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There is a common way of mentally doing squares of two-digit numbers all the way up to 19*. This is how it works (example is for calculating $13^2 = 13*13 = xyz$):

  1. The ones digit is the ones digit of the two numbers (3 for both) multiplied -> $13^2 =xy9$

  2. The tens digit is the ones digit added together (3+3 for the example) -> $13^2 = x69$

  3. The hundreds digit is the tens digit multiplied (1*1) -> $13^2 = 169$

Now, there can be some confusion with carrying over. So, I am doing another example of $15^2 = 15*15=xyz$:

  1. $z = 5*5 = 25$ but the z can only be one digit long so it is added to the calculated y (just like how we do in regular multiplication). So $z=5$

  2. $y = 5+5 = 10+2 = 12$ (the 2 comes from the previous step). Again, y can only be one digit long so the 1 is carried over and $y=2$.

  3. $x=1*1=1+1 = 2$.

$15^2 = 15*15 = xyz = 225$

So, I thought, why don't I use this method to also do multiplication of all two digit numbers. I tried with numbers less than 20 and it worked. Here is another worked example of $13*15 = xyz$

  1. $z = 3*5 = 15$ but the 1 is carried over so $z=5$

  2. $y = 3+5 = 8+1 = 9$

  3. $x=1*1 = 1$

$15*13 = xyz = 195$

Now, I then tried with one number less than 20 and one in between 20 and 30. Here's a worked example (I am probably overwhelming you guys with examples but this example is important!) of $25*13 = xyz$:

  1. $z=5*3 = 15$ but the 1 is carried over so $z=5$

  2. $y=5+3 = 8+1 = 9$

  3. $x = 2*1 = 2$

So, $25*13 = xyz = 295$. But, the actual result is 325! It is off by 30. What is going on? After doing this several times, I noticed that my calculation is always off by 10 times the ones digit of the less than 20 number. So, you need to add that amount to the result. So, since the ones digit of the less than 20 number is 3, you multiply by 10, which gives you 30 and add to the result, which was 295. This gives you the correct answer of 325.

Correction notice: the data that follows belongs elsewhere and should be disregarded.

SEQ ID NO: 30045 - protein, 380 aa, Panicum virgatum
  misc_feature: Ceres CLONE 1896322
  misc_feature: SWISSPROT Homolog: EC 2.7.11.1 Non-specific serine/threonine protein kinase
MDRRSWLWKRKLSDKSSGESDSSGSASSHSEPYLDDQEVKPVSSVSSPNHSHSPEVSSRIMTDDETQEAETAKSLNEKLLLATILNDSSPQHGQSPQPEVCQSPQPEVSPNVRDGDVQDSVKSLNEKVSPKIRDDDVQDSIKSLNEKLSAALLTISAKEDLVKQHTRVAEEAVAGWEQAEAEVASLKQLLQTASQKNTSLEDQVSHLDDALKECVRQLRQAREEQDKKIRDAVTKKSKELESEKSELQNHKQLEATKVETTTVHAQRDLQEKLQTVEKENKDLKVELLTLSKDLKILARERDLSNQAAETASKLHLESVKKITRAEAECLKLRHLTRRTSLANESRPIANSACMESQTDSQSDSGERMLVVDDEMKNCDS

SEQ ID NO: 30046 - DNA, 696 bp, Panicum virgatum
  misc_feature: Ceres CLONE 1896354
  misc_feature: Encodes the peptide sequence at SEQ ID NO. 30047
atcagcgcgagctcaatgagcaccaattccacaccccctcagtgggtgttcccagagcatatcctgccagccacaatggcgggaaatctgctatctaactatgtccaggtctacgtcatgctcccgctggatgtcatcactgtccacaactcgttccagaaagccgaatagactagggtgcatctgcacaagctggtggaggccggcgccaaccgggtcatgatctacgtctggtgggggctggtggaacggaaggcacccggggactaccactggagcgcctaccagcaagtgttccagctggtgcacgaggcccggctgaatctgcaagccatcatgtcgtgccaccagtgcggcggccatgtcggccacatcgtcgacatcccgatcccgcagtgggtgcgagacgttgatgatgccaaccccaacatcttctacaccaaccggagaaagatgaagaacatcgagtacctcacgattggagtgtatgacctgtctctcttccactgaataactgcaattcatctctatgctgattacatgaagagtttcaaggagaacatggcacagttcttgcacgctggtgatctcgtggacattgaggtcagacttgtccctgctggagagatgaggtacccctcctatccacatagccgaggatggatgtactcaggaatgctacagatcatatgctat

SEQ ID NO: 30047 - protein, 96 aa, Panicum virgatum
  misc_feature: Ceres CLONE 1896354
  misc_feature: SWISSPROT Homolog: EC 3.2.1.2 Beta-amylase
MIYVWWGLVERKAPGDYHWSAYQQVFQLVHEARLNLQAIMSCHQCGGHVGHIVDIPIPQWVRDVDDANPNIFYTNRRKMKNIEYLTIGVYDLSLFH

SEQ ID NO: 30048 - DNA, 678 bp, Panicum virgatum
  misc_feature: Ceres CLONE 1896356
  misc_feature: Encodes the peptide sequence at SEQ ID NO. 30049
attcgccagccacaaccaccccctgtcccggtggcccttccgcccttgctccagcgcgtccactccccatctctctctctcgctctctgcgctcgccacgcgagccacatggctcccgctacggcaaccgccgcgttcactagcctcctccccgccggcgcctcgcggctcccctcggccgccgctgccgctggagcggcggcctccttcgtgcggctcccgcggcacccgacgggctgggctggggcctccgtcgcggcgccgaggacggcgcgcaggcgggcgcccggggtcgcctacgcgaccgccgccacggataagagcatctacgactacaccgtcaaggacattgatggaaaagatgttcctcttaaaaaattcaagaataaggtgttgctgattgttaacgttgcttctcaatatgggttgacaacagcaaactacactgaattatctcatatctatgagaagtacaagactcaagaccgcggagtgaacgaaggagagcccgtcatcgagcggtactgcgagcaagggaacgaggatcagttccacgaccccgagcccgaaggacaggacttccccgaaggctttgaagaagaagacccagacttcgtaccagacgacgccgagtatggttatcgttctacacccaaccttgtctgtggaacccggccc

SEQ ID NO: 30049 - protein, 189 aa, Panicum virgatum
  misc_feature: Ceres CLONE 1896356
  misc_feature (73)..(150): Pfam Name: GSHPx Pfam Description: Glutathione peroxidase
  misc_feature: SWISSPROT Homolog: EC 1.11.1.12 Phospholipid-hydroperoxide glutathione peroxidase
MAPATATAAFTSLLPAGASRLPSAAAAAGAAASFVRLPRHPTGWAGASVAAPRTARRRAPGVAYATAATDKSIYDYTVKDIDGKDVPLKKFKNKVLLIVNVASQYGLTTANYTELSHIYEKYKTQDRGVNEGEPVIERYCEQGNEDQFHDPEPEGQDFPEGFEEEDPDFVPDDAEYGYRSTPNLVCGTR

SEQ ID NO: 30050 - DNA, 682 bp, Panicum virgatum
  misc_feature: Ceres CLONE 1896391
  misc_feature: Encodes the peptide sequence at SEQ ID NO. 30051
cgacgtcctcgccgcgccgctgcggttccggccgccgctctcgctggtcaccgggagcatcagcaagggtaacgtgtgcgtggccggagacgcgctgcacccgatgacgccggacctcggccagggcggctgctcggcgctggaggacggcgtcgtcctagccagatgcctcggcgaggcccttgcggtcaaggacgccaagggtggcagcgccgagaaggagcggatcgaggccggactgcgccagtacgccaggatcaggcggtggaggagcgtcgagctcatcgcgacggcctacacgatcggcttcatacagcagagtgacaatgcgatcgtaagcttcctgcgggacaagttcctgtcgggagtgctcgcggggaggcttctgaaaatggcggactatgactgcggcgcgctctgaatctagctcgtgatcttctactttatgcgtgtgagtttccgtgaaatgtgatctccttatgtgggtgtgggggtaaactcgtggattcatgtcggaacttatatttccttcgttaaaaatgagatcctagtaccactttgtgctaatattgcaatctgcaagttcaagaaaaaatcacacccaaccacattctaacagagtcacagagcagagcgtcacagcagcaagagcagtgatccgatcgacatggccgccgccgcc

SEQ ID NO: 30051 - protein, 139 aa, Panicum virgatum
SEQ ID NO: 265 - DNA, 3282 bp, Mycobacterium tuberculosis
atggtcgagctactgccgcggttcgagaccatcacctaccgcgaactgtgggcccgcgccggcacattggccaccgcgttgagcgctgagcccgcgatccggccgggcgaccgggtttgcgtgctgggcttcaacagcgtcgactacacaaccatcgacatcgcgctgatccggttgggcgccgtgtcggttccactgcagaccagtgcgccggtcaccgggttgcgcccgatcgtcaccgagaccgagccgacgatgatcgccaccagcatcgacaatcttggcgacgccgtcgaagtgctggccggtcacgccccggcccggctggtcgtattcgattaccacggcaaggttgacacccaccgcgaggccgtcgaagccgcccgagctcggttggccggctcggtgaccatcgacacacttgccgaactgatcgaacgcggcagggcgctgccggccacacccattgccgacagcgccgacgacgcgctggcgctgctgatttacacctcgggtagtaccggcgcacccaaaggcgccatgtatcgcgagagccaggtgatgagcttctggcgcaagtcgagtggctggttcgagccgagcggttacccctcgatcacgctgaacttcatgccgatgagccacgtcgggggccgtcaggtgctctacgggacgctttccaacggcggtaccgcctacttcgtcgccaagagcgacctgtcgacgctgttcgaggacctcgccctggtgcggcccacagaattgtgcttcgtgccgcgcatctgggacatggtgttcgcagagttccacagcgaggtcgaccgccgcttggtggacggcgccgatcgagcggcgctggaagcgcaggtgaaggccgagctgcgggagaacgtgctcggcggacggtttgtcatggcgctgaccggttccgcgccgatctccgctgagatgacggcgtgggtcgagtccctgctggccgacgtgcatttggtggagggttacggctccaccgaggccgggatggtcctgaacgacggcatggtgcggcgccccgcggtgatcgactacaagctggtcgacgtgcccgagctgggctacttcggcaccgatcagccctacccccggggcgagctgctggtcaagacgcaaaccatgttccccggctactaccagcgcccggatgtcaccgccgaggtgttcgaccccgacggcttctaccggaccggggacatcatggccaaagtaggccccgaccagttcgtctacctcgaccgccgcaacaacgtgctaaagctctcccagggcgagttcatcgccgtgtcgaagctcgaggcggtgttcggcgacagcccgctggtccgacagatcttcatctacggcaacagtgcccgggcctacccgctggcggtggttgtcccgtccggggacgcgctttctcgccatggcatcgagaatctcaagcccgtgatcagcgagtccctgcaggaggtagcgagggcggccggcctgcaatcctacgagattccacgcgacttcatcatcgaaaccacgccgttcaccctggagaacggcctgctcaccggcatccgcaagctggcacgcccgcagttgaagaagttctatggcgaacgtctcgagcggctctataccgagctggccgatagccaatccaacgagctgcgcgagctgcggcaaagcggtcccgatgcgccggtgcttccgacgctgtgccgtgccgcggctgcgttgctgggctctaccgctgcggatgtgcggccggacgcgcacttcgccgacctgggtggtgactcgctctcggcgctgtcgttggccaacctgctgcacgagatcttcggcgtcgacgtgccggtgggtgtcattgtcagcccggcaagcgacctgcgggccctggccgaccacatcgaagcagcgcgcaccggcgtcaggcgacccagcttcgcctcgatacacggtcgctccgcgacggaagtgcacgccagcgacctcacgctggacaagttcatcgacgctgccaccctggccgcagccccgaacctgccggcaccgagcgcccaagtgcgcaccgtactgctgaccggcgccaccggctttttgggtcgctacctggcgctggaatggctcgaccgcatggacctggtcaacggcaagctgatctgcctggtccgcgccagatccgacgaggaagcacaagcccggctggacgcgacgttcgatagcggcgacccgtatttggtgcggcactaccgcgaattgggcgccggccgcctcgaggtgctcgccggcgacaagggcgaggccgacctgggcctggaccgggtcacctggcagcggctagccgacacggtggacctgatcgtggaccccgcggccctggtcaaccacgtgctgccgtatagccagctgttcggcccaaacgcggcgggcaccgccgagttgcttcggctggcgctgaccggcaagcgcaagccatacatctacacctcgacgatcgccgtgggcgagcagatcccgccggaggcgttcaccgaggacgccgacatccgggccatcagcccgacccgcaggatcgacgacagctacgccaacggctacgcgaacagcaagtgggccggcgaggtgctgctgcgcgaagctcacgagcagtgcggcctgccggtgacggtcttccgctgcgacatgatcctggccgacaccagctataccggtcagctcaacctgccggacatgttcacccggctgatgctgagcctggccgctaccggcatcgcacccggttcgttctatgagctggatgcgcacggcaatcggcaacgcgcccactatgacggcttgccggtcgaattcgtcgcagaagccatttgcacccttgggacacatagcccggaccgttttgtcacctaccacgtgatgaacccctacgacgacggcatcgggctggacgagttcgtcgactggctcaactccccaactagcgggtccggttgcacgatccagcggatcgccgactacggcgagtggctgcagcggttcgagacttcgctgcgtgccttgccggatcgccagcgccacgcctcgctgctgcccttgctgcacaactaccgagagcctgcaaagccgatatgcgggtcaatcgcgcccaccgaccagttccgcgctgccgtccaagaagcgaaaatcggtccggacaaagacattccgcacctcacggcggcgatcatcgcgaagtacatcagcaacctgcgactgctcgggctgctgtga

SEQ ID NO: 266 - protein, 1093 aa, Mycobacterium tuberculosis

I tried to use this method with one number less than 40 but greater than 30 and another one less than 30 and greater than 20 (for example, doing $35*21$) and it did not work. I could not figure out by what factor it was off.

Then I tried with one number less than 40 but greater than 30 one less than 20 and greater than 10 and the result was off by 20 times the ones digit of the number less than 30 and greater than 20. For example, for $35*14$, I get 410. but the actual result is $410+(20*4)=490$ which is the correct answer.

Therefore, I have created a formula for multiplying $ab*1d$

  1. $z=b*d$

  2. $y=b+d$

  3. $x=a*1=a$

  4. $ab*1d=xyz+(d*10*(a-1))$

Question

So my main question is why does this method work and how? Why do I need to add the factor of $(d*10*(a-1))$? How can I extend this method for it to work for all two-digit numbers?

*I actually independently discovered this method (although obviously not being the first to do so) in bed when trying to find all numbers that are decimal concatenation of squares

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  • $\begingroup$ Often a faster way for computing squares mentally is to use $(x+y)^2=x^2+2xy+y^2$. $\endgroup$ – symplectomorphic Jan 5 '16 at 0:22
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Everything you wrote comes from the identity $$(10 a + b)(10 c + d) = 100 ac + 10 (bc + ad) + bd .$$

If $a=c=1$, which is the same as asking that both factors have two digits and do not exceed 20, we have many semplifications:

$$ (10 + b)(10 + d) = 100 + 10 (b+d) + bd. $$

Therefore we have $x=1, y=b+d$ and $z=bd$, as you said (remembering to carry over if necessary).

If $c=1$, which is the case $ab \cdot 1d$ in your notation, we have

$$ (10 a + b)(10 +d) = 100a + 10 (b + ad) +bd. $$

Now, your algorithm says

$$ y = b+d + d(a-1) $$

(since this is the meaning of adding $10 \cdot d(a-1)$), and this actually turns out to be $b + ad$, as required.

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